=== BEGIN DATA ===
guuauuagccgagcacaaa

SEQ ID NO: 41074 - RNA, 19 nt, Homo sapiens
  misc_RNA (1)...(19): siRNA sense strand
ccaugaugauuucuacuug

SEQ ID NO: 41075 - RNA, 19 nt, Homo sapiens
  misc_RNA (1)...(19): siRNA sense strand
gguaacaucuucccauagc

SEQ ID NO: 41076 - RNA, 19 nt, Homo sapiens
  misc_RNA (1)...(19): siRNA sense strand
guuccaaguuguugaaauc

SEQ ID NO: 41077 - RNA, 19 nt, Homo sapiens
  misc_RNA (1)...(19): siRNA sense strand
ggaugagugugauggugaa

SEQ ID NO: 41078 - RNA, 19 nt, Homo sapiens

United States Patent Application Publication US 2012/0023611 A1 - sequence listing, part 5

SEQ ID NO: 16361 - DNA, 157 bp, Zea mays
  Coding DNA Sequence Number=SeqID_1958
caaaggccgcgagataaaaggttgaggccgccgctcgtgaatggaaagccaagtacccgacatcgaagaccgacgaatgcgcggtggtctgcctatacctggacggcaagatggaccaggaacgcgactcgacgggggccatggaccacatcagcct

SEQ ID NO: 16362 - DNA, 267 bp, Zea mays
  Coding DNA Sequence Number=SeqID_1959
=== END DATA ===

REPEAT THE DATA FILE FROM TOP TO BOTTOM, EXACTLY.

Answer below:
guuauuagccgagcacaaa

SEQ ID NO: 41074 - RNA, 19 nt, Homo sapiens
  misc_RNA (1)...(19): siRNA sense strand
ccaugaugauuucuacuug

SEQ ID NO: 41075 - RNA, 19 nt, Homo sapiens
  misc_RNA (1)...(19): siRNA sense strand
gguaacaucuucccauagc

SEQ ID NO: 41076 - RNA, 19 nt, Homo sapiens
  misc_RNA (1)...(19): siRNA sense strand
guuccaaguuguugaaauc

SEQ ID NO: 41077 - RNA, 19 nt, Homo sapiens
  misc_RNA (1)...(19): siRNA sense strand
ggaugagugugauggugaa

SEQ ID NO: 41078 - RNA, 19 nt, Homo sapiens

United States Patent Application Publication US 2012/0023611 A1 - sequence listing, part 5

SEQ ID NO: 16361 - DNA, 157 bp, Zea mays
  Coding DNA Sequence Number=SeqID_1958
caaaggccgcgagataaaaggttgaggccgccgctcgtgaatggaaagccaagtacccgacatcgaagaccgacgaatgcgcggtggtctgcctatacctggacggcaagatggaccaggaacgcgactcgacgggggccatggaccacatcagcct

SEQ ID NO: 16362 - DNA, 267 bp, Zea mays
  Coding DNA Sequence Number=SeqID_1959